Market Value of Effective Management Practices

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We all know that stock markets respond in an irrational way dependent on the availability of information, and several key criteria related to the company. Innovation, consumer appetite for new products or new uses of products, and leadership changes are the typical price influences that the market experiences, outside of global economic and political stability. It is the information that is readily available. Private companies on the other hand have a different perspective. Ask a private capital company what they look for in an investment and the best ones will tell you it’s about passion and a sustainable management process.

These two items together create the magic that produces innovation, consumer attraction and strong leadership in a sustainable way. Lose either and you fall victim to individual heroics that may or may not produce that for which the public markets deem worthy of paying a premium. What are management practices exactly? They are the behaviours that company managers exhibit when executing the company’s management processes. More specifically, they are behaviours that:

  • Illicit creativity
  • Align and motivate teams and individuals
  • Provide candid and productive feedback in all directions
  • Create vision and excitement, and
  • Produce a steady flow of change that results in consistent and dramatic performance improvement over long time horizons

Management processes include strategic planning processes, annual objectives-setting processes, performance management processes, process improvement processes, and employee and customer feedback and communication processes. A company that can consistently find innovative ideas, create an appetite in the market, and execute on the market demand on a repetitive basis shows signs of having a strong set of management processes that are practiced very effectively. Think Apple in recent years, who made a killing on iPads and iPhones in the wake of a terrible recession. A company that produces one great innovation and then struggles to find more is likely suffering from poor management practices. All new ideas or projects are relying on individual heroics, and any weakness in its execution should be a sign that there are weaknesses among the management.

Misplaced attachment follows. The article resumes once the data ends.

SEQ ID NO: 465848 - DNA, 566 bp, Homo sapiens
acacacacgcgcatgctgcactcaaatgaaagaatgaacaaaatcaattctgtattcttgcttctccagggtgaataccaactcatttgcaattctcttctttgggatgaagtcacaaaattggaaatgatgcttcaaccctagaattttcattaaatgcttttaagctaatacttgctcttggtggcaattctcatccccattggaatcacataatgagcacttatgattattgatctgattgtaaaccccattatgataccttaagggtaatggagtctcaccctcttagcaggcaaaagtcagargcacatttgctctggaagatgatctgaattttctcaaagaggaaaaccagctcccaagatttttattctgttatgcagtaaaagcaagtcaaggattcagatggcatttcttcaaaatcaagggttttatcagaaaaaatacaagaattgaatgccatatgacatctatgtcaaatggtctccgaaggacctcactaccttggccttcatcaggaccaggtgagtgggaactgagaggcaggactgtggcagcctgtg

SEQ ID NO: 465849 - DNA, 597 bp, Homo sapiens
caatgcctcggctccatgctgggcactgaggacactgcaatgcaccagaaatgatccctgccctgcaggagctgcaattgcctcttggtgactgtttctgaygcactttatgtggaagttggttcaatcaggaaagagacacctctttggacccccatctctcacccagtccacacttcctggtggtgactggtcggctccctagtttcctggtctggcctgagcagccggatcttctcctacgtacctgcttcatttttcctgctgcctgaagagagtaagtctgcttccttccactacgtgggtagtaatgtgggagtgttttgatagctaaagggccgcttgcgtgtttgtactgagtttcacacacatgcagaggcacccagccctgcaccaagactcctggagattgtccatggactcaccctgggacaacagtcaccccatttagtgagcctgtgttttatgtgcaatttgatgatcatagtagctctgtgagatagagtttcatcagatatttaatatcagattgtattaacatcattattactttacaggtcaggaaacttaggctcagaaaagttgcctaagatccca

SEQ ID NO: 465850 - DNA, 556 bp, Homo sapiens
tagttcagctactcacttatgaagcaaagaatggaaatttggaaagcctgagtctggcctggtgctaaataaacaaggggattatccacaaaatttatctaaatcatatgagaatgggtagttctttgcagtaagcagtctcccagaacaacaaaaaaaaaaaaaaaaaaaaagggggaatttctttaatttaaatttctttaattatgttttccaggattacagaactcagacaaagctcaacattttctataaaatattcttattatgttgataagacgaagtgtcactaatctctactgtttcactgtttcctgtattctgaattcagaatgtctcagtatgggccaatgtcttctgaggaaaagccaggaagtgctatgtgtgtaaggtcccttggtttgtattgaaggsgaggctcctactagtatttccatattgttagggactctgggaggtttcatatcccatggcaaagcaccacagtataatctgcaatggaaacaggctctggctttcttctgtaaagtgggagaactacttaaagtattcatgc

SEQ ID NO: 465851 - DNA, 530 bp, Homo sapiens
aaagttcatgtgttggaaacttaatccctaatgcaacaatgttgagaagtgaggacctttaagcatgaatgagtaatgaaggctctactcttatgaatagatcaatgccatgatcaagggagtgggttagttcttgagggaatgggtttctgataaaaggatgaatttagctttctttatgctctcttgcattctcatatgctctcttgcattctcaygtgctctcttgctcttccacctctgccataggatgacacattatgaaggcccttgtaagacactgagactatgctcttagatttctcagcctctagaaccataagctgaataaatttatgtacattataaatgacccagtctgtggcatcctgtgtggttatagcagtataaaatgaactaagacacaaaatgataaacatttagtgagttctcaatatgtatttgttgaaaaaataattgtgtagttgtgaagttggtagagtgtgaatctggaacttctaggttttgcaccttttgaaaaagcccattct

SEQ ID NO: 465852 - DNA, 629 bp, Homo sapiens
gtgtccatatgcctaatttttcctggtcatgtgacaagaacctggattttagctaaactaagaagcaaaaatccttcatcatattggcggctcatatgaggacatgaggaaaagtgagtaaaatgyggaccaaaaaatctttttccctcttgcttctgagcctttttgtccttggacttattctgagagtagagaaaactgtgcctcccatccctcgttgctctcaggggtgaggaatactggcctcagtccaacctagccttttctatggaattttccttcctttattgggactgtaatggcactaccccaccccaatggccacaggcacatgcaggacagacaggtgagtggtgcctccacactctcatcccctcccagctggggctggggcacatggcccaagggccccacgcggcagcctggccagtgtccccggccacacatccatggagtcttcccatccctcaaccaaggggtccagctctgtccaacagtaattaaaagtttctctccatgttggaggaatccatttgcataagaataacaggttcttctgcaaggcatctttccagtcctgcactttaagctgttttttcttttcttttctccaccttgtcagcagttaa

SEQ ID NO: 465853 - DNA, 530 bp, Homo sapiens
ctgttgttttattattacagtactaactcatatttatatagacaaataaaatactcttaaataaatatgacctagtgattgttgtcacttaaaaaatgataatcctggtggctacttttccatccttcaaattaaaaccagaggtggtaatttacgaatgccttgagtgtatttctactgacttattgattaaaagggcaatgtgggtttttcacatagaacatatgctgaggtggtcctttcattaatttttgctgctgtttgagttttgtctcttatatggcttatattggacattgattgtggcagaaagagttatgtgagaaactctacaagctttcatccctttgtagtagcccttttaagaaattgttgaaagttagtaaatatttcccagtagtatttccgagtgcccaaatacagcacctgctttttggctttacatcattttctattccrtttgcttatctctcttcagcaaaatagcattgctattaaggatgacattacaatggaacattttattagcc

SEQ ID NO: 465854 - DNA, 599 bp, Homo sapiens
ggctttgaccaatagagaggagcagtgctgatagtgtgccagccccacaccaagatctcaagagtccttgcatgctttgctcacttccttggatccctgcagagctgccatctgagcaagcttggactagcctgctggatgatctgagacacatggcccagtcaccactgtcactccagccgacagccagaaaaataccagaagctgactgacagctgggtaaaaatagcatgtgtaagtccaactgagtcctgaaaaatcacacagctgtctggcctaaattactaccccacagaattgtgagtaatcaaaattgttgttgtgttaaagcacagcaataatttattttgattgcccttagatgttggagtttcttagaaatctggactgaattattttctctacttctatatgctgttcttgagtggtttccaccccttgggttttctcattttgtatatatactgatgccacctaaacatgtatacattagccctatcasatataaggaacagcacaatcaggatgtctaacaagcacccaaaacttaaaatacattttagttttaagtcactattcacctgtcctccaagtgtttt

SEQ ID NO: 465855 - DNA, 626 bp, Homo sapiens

Think Blackberry in recent years, and their poorly received Playbook and Blackberry Torch. Which one would you rather invest in? When the market values innovation, consumer appetite and company leadership, what they are really valuing are the signs and symptoms of effective management practices. Why not go straight to the source and make sure the fundamentals are in tact before you invest in the symptoms? Over the last 6 years I have assessed the management practices of various companies in multiple different fields, from consumer goods to financial services and beyond. By addressing and improving a few key management practices, my clients have earned significant premiums on their valuations. It is possible to measure the effectiveness of a company’s management practices, and that research should weigh heavily on an analysts estimates of a company’s value.